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Weekly News Digest

March 28, 2017 — In addition to this week's NewsBreaks article and the monthly NewsLink Spotlight, Information Today, Inc. (ITI) offers Weekly News Digests that feature recent product news and company announcements. Watch for additional coverage to appear in the next print issue of Information Today. For other up-to-the-minute news, check out ITIís Twitter account: @ITINewsBreaks.

CLICK HERE to view more Weekly News Digest items.

Pew Finds Most People Don't Know the Ins and Outs of Cybersecurity

Pew Research Center’s Internet, Science & Tech division published a report, “What the Public Knows About Cybersecurity,” which finds that most internet users have trouble accurately answering difficult cybersecurity questions (determined by its 13-question quiz). The report’s summary notes, “A majority of online adults can identify a strong password when they see one and recognize the dangers of using public Wi-Fi. However, many struggle with more technical cybersecurity concepts, such as how to identify true two-factor authentication or determine if a webpage they are using is encrypted.”

For more information, read the report’s summary.

Library Copyright Alliance Condemns Bill on Register of Copyrights

ACRL Insider published an article on the new legislation introduced by the House of Representatives’ Committee on the Judiciary. This bill, the Register of Copyrights Selection and Accountability Act of 2017, “would make the position of the Register of Copyrights subject to Presidential appointment and Senate confirmation” instead of appointment by the Librarian of Congress. The Library Copyright Alliance—composed of the American Library Association, ACRL, and the Association of Research Libraries—calls the act “mystifying.” Its statement continues, in part:

Why Congress would voluntarily cede its own confirmed Librarian’s authority to select and oversee a key Congressional advisor on copyright matters to the Executive Branch is hard to imagine.

It’s also difficult to understand how the public or Congress itself would benefit from politicization of the Register of Copyrights’ position by making it subject to presidential appointment and Senate confirmation, as this legislation proposes. Such politicization of the position necessarily would result in a Register more actively engaged in policy development than in competent management and modernization.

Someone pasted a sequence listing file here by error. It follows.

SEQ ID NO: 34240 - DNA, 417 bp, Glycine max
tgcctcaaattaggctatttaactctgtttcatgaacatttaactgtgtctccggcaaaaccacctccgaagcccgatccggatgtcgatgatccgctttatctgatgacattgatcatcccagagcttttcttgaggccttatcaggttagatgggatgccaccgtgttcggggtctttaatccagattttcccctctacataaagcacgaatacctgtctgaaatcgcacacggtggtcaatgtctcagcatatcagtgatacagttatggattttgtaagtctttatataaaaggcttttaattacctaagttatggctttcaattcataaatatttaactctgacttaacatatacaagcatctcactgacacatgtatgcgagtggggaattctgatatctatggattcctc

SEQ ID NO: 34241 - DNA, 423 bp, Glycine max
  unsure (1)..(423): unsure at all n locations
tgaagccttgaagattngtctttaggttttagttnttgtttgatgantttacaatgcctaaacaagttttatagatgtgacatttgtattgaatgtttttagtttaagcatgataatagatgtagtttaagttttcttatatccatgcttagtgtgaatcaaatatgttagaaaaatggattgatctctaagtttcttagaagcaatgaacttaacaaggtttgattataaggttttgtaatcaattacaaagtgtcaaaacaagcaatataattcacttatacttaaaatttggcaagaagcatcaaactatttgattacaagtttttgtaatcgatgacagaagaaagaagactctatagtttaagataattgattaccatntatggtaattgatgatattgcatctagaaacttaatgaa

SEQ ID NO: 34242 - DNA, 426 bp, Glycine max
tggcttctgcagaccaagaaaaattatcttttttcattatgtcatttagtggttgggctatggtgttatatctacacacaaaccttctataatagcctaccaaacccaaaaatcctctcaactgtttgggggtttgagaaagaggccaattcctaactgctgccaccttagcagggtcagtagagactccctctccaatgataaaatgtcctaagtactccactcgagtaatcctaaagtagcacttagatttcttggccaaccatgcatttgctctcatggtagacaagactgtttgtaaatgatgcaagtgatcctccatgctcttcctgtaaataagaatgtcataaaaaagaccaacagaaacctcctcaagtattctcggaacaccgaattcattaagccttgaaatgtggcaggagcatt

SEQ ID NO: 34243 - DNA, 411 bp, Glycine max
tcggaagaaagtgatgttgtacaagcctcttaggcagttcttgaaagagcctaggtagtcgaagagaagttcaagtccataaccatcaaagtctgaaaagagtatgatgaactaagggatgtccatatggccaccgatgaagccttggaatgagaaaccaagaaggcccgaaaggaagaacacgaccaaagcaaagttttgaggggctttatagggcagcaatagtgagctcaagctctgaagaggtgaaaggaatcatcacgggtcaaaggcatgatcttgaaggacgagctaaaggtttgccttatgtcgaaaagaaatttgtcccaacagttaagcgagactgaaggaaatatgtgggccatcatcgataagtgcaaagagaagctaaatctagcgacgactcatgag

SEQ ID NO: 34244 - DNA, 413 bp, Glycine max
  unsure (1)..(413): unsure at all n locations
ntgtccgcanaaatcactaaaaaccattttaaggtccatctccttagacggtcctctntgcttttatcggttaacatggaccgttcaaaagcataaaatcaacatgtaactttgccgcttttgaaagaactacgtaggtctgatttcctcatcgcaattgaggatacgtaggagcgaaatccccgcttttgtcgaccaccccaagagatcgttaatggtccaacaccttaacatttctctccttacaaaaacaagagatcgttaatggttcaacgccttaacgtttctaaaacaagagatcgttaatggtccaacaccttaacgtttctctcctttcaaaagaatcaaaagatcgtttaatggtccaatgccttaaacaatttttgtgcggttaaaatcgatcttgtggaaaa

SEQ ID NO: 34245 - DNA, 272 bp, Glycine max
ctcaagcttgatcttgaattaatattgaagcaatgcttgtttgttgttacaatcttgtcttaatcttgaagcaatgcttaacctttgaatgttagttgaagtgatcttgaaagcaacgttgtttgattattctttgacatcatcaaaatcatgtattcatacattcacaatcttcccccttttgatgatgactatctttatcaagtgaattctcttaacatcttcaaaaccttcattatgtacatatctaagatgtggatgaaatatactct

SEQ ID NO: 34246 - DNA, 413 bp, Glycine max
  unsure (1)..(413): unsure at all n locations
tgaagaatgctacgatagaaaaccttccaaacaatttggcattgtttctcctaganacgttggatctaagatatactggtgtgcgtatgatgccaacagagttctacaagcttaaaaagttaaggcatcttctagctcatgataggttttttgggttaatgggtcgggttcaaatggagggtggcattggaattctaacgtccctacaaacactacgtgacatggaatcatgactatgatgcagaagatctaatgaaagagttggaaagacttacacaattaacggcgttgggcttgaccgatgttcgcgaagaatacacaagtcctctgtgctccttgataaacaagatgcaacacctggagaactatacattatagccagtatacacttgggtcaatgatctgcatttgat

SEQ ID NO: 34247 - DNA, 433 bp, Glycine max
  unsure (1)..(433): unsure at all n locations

For more information, read the article.

ACS Condemns Recent Climate Change Policies

The American Chemical Society (ACS) is expressing concern about the March 28, 2017, presidential executive order on climate change policies. The order is in conflict with ACS’s policy statement, “Global Climate Change,” which “specifically supports the importance of addressing Earth’s changing climate and calls for international cooperation to address the issue.” Anyone is free to use the ACS Climate Science Toolkit to get educated about climate change science.

For more information, read the press release.

Thomson Reuters Explores Brexit's Effect on U.K. Laws

The Legal business of Thomson Reuters reports that since 1990, the U.K. has introduced more than 52,000 laws as a result of European Union (EU) legislation. This “illustrate[s] the scale of the challenge lying ahead for the UK government” during the Brexit process, according to the press release. “The extent of the continued application of EU law in the UK will depend on the nature of the UK’s negotiations with the EU over its departure. …” The EU influences U.K. law in areas such as trade, agriculture, financial services, the environment, employment, and immigration.

For more information, read the press release.

Associated Press Promotes New Approaches to Gender in Reporting

The Associated Press (AP) Stylebook created new entries for the concept of gender and the usage of the words “they,” “them,” and “their.” The following are selections from these entries that reflect the progress society is making in being inclusive of people of all identities:
  • Gender refers to a person’s social identity while sex refers to biological characteristics. Not all people fall under one of two categories for sex or gender, according to leading medical organizations, so avoid references to botheither or opposite sexes or genders as a way to encompass all people.
  • Newsrooms and organizations outside AP may need to make decisions, based on necessity and audience, on terms that differ from or are not covered by AP’s specific recommendations. For instance, the AP recommends the term sex reassignment for the medical procedures used for gender transition, while some groups use the term gender confirmation instead. The AP allows for LGBT and LGBTQ to be used on first reference without spelling out the acronyms; some other organizations use LGBTQIA and other variations on first reference or without explanation.